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On a January evening, Roger, 50, was taking part in a weekly recreational hockey game at North Bay’s Memorial Gardens. With only 10 players available, it was a lively game with fast shifts.
But that evening, Roger noticed the chest pains he occasionally experienced were more present than ever. “I ended up with chest pains for most of the game,” explains Roger. “Not when I was playing hockey, but when I was coming off the ice. It felt like a knife was coming through my heart – it was a sharp pain, but didn’t last very long.”
“I was in denial, saying the pain will go away,” continues Roger. “I came off the ice for the last shift and remember thinking to myself that I knew something was going on. I bent over a bit and was telling myself ‘maybe I should go to the hospital’ because it was such a weird feeling! I bent over a bit more and just blacked out. I didn’t feel anything. And that’s when I went into cardiac arrest.”
Bruce was on the ice when he saw there was a commotion by the players’ bench. “I skated over and one of our players was down face-first on the bench,” says Bruce. “Everyone thought he had just tripped. But he was as blue as blue could be. Right away I recognised he was in trouble so I just took off for the lobby where I knew the defibrillator was.”
While Bruce ran in his skates to retrieve the lifesaving device, teammates called for 911 and started compressions. “I brought the defibrillator back and we opened it up. I was familiar with it through the training we had received at school, so I applied it to him. The defibrillator was telling us to stand back, and then it shocked him.”
Bruce, a school administrator, had learned how to use an Automated External Defibrillator (AED) in June 2012 through the ACT High School CPR and AED Program. The program was introduced to St Joseph-Scollard Hall Catholic Secondary School in 2011 with the support of ACT’s provincial partners, the Government of Ontario, Hydro One and the Ontario Trillium Foundation, as well as ACT’s national health partners: AstraZeneca Canada, Pfizer Canada and Sanofi.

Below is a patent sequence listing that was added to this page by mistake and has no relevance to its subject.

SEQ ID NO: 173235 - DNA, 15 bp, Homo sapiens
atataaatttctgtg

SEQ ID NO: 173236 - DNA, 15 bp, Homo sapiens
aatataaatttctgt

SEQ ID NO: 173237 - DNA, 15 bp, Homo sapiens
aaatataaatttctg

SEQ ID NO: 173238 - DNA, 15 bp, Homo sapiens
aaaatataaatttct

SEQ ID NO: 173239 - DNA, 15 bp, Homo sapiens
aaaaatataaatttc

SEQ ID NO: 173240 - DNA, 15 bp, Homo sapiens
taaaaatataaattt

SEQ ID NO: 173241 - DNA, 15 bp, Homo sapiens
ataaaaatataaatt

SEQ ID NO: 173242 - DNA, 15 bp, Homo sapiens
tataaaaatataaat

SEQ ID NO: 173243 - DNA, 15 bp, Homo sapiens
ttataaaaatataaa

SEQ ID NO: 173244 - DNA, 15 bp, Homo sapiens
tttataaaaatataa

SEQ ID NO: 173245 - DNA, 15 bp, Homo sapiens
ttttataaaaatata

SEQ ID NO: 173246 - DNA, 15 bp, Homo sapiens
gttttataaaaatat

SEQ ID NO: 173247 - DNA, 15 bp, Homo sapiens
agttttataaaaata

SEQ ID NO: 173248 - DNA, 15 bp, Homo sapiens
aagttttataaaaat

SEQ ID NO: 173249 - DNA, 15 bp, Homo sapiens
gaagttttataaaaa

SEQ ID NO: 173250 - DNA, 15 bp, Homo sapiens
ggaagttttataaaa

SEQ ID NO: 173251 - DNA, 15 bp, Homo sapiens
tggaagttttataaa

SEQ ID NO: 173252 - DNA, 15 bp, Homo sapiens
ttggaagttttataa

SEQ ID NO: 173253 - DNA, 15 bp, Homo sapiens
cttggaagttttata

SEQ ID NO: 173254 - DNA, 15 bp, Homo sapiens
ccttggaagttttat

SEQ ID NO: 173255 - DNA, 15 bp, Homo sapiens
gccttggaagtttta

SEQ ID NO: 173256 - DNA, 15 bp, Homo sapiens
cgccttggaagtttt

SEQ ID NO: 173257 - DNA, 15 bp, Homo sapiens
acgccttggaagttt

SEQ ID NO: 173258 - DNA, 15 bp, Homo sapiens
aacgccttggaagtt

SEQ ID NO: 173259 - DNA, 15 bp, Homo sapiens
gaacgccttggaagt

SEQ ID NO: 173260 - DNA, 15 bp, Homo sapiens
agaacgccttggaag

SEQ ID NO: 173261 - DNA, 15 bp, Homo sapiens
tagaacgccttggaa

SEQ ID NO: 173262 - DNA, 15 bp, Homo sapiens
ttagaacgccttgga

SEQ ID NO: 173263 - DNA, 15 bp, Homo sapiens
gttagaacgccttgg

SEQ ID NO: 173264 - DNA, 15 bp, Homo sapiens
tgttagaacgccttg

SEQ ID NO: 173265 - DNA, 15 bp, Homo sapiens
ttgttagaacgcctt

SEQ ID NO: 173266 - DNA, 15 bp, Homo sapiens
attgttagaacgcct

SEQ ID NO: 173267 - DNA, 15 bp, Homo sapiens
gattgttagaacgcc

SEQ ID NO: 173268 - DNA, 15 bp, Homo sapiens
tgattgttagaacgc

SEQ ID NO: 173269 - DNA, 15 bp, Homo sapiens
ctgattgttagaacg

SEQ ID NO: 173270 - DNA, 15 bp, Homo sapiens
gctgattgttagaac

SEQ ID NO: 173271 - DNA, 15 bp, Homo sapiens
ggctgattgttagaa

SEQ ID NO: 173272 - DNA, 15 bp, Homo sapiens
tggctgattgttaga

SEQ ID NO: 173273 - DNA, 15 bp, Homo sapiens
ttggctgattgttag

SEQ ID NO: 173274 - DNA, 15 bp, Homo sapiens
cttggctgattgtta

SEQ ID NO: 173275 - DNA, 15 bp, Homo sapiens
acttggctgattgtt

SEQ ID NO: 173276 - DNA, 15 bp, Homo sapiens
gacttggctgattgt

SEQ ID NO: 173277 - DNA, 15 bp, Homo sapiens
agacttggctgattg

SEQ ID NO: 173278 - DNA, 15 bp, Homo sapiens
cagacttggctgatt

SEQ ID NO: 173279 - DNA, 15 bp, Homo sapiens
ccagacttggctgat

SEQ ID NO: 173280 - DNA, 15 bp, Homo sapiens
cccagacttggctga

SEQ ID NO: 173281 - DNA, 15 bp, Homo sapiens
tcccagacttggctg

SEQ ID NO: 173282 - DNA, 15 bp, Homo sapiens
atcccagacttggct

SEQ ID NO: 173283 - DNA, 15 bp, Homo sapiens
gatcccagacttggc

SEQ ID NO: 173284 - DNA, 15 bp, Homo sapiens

“It shocked him once and he responded. He opened his eyes. We started talking to him and he was acknowledging our comments.” Roger was then taken to the hospital where doctors cleared a blockage from his arteries.
Roger has returned to a full and active lifestyle, which includes playing the game he loves. “He was back playing hockey about a month after,” says Bruce. “He’s in great shape! If we were to make a list of people on that ice that would be at risk, he would absolutely be at the bottom.” “I’m taking it maybe a little slower, or not going as hard as I was before — I went from a forward to a defenceman,” Roger laughs.
The experience has given Bruce and his school’s Phys Ed teachers a valuable real-life scenario to share with Grade 9 classes as they learn CPR. “I tell them my story and explain what happened, how important it is to have the training — it works, it saves lives.”
The Advanced Coronary Treatment (ACT) Foundation is an award-winning, national charitable organization dedicated to establishing CPR and Defibrillator training in high schools across Canada. ACT raises funds to donate mannequins and teacher training to schools, and guides schools in program set-up and long-term sustainability. Over 2.6 million youth have been trained in CPR by their teachers through this lifesaving program to date.